One way adoptive parenting is easier than biological parenting is illustrated by a poem I love, that I read many, many times as a parent. It comes from The Prophet by Kahil Gibran.
And a woman who held a babe against her bosom said, Speak to us of Children.
And he said:
Your children are not your children.
They are the sons and daughter of Life’s longing for itself.
They come through you but not from you,
And though they are with you they belong not to you.
You may give them your love but not your thoughts,
For they have their own thoughts.
You may house their bodies but not their souls,
For their souls dwell in the house of tomorrow, which you cannot visit, not even in your dreams.
You may strive to be like them, but seek not to make them like you.
For life goes not backward nor tarries with yesterday.
You are the bows from which your children as living arrows are sent forth.
The archer sees the mark upon the path of the infinite, and He bends you with His might that His arrows may go swift and far.
Let your bending in the archer’s hand be for gladness;
For even as He loves the arrow that flies, so He loves also the bow that is stable.
I have never parented a child I gave birth to, so technically I don’t have any frame of reference to compare, but I think it’s been easier to live by the wisdom in this poem as an adoptive mom. I always expected my daughter to be her own person. I didn’t constantly look for myself, or my husband, in her; I had no expectation of finding us in her little being. She was her own self, and it was a pleasure to get to know her. A joy to watch the unfolding and blossoming, into the young woman she is today.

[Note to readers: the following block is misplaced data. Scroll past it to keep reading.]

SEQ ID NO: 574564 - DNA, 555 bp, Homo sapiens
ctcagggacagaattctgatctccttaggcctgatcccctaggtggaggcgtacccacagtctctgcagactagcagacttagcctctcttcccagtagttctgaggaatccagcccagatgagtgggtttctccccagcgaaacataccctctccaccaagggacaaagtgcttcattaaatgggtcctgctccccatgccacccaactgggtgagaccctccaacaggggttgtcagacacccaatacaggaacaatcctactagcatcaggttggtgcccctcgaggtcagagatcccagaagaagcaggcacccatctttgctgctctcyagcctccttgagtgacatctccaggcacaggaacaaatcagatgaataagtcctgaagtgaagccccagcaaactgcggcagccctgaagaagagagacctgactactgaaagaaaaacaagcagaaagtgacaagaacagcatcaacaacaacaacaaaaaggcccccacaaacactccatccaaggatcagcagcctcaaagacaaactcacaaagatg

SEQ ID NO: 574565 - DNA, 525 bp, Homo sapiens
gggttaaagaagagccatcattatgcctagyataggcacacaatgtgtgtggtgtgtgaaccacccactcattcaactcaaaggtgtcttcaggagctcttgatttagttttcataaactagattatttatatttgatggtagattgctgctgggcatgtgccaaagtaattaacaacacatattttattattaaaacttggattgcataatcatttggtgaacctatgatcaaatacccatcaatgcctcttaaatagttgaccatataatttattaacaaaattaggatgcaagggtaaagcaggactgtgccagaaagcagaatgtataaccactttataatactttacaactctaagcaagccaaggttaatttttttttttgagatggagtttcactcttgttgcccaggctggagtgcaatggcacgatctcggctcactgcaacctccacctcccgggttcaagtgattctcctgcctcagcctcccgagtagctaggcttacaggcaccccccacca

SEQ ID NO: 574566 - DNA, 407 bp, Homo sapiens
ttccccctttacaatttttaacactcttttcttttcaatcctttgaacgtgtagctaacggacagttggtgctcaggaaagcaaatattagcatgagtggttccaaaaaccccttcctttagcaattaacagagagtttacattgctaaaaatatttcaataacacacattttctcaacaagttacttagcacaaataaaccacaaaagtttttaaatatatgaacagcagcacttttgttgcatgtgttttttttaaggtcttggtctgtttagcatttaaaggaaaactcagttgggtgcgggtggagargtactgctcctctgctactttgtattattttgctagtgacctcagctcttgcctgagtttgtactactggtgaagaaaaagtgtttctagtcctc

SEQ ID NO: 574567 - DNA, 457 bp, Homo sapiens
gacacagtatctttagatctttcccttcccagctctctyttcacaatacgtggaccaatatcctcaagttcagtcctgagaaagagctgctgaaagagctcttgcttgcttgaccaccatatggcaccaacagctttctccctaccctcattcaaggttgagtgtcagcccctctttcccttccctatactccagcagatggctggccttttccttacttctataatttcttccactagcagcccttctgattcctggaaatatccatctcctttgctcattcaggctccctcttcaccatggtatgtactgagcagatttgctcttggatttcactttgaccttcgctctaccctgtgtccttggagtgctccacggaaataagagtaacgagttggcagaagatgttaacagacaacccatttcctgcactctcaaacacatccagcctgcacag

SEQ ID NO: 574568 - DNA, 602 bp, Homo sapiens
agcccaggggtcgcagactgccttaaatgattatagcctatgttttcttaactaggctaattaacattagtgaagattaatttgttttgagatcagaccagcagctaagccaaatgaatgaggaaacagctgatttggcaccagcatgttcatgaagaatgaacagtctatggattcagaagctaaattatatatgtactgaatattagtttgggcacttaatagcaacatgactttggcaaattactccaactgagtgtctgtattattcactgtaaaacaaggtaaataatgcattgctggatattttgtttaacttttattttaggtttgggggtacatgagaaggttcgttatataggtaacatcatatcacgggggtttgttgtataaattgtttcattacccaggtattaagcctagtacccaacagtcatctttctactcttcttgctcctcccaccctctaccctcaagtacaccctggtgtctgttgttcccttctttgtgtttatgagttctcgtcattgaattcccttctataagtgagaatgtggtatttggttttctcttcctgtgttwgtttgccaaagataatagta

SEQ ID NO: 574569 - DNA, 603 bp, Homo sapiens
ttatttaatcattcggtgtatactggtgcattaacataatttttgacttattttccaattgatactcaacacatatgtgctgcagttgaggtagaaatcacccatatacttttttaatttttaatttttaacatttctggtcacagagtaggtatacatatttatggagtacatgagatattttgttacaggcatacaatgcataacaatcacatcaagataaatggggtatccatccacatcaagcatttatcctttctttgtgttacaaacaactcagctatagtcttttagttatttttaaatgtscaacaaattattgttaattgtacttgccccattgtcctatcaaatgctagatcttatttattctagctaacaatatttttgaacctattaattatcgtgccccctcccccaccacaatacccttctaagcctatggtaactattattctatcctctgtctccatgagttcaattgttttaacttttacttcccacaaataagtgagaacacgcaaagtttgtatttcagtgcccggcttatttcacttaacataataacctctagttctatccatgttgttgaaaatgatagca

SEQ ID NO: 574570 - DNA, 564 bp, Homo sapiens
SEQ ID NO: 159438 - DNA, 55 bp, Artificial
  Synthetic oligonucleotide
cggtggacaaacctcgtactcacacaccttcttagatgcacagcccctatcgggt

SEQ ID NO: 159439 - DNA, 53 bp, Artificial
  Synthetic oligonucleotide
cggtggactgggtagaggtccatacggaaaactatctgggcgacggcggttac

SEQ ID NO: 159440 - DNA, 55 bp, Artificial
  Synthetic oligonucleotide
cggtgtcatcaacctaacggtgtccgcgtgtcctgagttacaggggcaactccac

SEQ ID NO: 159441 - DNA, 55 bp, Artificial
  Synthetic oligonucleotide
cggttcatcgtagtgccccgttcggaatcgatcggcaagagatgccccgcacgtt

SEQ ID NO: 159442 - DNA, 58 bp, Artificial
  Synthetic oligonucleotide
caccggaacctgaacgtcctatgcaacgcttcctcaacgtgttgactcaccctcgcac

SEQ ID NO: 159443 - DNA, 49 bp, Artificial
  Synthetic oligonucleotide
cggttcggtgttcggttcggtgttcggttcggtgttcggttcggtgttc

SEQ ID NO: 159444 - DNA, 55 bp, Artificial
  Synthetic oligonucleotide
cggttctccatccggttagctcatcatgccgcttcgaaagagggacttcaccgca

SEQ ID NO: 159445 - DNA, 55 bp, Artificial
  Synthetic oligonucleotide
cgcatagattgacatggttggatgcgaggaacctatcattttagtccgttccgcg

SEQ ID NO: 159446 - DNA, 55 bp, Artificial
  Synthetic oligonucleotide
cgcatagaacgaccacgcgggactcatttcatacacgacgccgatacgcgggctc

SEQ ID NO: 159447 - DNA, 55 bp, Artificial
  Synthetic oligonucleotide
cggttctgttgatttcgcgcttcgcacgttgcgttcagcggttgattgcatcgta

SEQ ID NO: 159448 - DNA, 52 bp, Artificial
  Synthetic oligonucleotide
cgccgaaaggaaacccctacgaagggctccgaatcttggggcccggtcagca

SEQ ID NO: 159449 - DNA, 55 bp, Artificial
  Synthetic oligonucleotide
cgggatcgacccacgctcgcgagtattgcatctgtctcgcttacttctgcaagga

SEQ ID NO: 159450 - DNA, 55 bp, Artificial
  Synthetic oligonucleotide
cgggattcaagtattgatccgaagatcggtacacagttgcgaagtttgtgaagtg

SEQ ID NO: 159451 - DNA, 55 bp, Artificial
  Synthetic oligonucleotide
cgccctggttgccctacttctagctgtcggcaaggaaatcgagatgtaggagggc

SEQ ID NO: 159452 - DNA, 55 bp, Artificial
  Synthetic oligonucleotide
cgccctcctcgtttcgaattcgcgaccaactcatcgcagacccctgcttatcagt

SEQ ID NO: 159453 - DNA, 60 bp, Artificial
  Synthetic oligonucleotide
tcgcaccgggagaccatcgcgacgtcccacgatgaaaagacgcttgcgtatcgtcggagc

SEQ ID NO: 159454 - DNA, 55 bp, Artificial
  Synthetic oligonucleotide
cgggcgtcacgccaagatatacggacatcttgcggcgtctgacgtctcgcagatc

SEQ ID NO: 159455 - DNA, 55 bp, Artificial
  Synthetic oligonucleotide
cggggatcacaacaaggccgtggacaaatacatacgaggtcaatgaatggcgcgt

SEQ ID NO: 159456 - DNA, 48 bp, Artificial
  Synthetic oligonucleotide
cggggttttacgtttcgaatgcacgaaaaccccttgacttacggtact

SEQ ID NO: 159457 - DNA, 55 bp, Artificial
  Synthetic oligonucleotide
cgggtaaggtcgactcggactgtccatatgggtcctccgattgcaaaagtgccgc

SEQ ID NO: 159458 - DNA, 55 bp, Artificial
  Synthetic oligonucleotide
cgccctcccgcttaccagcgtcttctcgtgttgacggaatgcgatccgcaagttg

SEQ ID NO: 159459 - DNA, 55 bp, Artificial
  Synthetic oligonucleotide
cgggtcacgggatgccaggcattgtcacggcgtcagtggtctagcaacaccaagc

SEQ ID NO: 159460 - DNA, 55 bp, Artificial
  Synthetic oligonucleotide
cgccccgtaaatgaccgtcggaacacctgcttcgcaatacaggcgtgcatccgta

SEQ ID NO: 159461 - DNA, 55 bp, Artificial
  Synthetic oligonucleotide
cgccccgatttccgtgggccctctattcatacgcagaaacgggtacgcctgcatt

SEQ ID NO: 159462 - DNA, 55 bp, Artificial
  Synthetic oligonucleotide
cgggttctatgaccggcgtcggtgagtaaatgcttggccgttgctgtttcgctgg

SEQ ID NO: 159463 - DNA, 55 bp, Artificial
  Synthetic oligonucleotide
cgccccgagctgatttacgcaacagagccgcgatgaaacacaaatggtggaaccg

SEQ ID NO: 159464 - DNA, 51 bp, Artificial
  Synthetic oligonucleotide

She has so many qualities neither her dad nor I have – a natural friendliness and easygoing, outgoing nature. A different sense of humor. A more courageous, less cautious approach to life. Less analytical and mathematical, more intuitive. More likely to be out and doing than home studying and reading. She reads for pleasure, not information. We both love to dance, but she dances on the stage, something I can’t imagine for myself.
It was easy for me to understand – my role as mom is supporting her in evolving toward her highest and best. I did not strive to form her into a mini-me. When she’d tell me mom, I’m not like you I had no reason to doubt or argue; I didn’t take it personally.
Adoptive parenting has its own challenges. Yet, as I’ve watched some friends struggle with their children that came to them through birth, I know in this regard, it’s been easier as an adoptive mom.